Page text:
Business Standard

Rangarajan to head new poverty panel

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The government on Thursday announced the formation of a new expert committee under the Prime Minister’s Economic Advisory Council Chairman, , to revisit the methodology for estimation of poverty and identification of the poor, months after a poverty line cut-off, based on the method proposed by , had created a flutter.

Rangarajan has been asked to give the report in seven to nine months. The committee comprises four additional members.

The panel would also look into the vexed issue of linking poverty estimates with providing benefits under the Centre’s social welfare schemes. Earlier, the government believed poverty estimates by the should not be used for determining beneficiaries for programmes like the proposed .

The panel would also assess whether poverty can be determined on any criteria other than the consumption basket. “The panel will also assess if the two (consumption basket and other methods) can be effectively juxtaposed for estimating poverty in rural and urban areas,” said an official statement.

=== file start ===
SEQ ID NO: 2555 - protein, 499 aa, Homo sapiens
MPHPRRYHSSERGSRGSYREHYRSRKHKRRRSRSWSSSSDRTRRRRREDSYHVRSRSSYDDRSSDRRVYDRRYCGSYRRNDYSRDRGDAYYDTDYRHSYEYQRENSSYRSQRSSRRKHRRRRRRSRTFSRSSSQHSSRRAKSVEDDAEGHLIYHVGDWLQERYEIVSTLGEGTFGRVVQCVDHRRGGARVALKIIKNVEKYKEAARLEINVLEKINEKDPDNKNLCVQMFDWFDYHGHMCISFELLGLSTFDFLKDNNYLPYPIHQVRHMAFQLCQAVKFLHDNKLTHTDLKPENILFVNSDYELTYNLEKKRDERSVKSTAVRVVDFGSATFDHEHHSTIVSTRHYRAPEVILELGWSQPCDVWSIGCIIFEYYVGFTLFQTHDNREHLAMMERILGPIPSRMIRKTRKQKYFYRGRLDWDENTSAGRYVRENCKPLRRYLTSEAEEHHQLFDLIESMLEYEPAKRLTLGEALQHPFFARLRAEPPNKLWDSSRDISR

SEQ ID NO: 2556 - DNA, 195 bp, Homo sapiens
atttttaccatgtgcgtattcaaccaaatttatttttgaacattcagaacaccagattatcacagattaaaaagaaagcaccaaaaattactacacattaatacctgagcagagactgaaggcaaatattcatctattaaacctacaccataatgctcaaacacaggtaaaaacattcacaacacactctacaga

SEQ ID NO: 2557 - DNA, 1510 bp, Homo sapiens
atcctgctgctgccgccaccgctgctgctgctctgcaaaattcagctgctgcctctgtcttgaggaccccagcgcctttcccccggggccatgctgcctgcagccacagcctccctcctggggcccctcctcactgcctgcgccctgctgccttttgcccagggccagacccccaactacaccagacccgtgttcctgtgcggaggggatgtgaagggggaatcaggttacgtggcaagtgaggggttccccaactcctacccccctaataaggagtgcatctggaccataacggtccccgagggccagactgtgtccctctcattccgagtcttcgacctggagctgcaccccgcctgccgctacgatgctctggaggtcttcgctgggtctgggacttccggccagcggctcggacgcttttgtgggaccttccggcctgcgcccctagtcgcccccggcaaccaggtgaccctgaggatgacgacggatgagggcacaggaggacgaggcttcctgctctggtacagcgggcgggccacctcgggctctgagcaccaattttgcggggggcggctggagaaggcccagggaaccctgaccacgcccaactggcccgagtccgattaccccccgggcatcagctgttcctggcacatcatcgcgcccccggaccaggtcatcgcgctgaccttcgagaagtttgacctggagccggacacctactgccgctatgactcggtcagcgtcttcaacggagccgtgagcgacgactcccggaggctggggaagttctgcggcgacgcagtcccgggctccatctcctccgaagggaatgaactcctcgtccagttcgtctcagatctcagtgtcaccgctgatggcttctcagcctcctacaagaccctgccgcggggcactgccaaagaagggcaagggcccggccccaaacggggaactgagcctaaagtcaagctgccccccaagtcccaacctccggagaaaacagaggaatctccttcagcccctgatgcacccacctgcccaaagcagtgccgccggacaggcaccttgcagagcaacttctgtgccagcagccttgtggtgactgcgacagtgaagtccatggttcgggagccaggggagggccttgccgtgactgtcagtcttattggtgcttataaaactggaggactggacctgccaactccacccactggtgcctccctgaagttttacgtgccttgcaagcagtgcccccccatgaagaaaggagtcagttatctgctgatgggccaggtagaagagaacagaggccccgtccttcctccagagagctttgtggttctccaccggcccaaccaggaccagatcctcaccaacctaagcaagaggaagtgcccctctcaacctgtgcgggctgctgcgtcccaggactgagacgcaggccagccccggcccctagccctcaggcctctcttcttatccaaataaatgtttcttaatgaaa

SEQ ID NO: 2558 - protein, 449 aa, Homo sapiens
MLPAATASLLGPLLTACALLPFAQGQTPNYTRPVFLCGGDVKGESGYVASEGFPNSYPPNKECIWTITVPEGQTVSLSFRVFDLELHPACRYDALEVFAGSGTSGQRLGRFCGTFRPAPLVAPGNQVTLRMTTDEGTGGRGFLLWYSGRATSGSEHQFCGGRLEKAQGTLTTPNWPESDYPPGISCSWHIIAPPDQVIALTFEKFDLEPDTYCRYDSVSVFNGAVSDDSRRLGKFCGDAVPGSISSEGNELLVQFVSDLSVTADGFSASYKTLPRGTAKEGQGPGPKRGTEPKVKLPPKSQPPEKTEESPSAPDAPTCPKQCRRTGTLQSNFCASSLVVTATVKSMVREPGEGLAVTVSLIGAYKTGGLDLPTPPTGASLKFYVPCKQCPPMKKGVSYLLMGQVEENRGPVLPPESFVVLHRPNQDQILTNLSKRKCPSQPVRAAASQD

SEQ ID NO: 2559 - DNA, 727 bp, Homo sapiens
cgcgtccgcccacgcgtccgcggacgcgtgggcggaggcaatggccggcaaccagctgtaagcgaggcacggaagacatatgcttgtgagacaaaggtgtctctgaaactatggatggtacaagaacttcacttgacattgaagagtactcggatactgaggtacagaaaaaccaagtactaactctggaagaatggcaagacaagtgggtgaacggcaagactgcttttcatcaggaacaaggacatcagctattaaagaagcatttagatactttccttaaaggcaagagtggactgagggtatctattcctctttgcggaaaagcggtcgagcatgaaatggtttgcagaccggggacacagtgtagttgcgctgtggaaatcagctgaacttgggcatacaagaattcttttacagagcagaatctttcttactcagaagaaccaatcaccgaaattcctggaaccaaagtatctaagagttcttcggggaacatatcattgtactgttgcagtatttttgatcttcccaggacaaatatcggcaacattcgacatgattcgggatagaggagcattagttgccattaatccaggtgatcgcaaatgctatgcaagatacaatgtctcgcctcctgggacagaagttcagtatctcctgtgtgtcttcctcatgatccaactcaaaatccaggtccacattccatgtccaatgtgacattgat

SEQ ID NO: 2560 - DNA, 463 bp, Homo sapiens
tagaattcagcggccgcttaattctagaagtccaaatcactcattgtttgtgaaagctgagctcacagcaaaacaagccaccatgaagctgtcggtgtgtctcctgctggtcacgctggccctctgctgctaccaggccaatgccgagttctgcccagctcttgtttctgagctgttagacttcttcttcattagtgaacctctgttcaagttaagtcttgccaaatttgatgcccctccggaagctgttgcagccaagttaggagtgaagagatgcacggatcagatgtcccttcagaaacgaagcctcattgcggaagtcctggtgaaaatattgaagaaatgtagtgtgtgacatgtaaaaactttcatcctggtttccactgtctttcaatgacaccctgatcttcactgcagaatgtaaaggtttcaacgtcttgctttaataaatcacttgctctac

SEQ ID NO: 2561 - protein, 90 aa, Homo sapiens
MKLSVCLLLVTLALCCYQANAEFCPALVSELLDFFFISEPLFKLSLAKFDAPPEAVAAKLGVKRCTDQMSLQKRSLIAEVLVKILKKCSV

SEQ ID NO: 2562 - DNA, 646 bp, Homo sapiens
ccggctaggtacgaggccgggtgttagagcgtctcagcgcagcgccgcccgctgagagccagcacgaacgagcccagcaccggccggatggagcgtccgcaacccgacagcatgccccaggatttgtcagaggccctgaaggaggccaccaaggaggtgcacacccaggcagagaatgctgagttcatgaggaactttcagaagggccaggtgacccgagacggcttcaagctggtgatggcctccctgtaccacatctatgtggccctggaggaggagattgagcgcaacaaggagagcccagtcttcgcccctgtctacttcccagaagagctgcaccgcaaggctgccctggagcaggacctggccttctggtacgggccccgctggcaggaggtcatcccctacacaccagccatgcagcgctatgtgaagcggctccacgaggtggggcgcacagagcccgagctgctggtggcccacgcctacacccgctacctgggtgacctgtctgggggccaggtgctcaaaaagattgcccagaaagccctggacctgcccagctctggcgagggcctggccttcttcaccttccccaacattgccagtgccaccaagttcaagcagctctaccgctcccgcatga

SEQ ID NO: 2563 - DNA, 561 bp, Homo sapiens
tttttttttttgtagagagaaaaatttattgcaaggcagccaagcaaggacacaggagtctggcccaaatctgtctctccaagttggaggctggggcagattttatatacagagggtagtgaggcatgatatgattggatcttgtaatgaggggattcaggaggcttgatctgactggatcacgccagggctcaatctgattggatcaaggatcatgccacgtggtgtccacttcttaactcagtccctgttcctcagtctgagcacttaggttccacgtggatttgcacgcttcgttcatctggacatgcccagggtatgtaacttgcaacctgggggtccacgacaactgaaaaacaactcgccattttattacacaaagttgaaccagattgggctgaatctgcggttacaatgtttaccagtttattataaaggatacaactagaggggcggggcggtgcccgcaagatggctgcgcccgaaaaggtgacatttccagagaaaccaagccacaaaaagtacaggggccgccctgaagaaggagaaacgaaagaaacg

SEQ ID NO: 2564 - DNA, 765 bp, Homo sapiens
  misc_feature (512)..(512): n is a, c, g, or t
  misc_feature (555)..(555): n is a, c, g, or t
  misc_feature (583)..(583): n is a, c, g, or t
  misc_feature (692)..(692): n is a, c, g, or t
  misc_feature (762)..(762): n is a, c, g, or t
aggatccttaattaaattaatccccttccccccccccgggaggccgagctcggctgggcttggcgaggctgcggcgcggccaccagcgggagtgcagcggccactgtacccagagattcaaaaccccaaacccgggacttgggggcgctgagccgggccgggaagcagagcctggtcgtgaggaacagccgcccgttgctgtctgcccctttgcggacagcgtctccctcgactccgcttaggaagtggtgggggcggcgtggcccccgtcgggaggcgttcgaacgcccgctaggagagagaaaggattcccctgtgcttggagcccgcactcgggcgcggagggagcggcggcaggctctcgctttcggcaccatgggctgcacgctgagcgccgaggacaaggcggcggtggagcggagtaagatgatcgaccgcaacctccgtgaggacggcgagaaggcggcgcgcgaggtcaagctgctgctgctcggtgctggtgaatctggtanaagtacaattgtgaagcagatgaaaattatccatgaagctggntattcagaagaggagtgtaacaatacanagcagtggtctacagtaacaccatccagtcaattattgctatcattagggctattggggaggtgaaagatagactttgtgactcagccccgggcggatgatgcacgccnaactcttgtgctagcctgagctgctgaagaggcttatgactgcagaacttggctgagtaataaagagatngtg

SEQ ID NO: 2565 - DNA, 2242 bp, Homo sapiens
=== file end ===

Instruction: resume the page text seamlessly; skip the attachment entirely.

“People’s perspective about poverty has changed. Therefore, we need to take a fresh look into the methodology for estimating poverty in the country,” Minister of State for Planning said, while explaining the rationale behind setting up the panel. The panel would examine the divergence between consumption estimates based on the National Sample Survey Organisation (NSSO)’s methodology and those emerging from the National Account aggregates. It would also suggest a method to update the consumption poverty line, using the recently-released consumer price index data for rural and urban areas.

Kumar said the committee would study the various poverty estimation models used across the world and suggest the best alternative for India.

Other members of the panel are Mahendra Dev, director, Indira Gandhi Institute of Development Research, K Sundaram and Mahesh Vyas from the Centre for Monitoring Indian Economy, and , former advisor (perspective planning), Planning Commission.

In March, a controversy was triggered when the Planning Commission had said the poverty line cut-off for 2009-10 in urban areas stood at Rs 28.65 a day and Rs 22.42 a day in rural parts. The estimation was based on the Suresh Tendulkar committee’s method and the NSSO survey on the consumption pattern for 2009-10.

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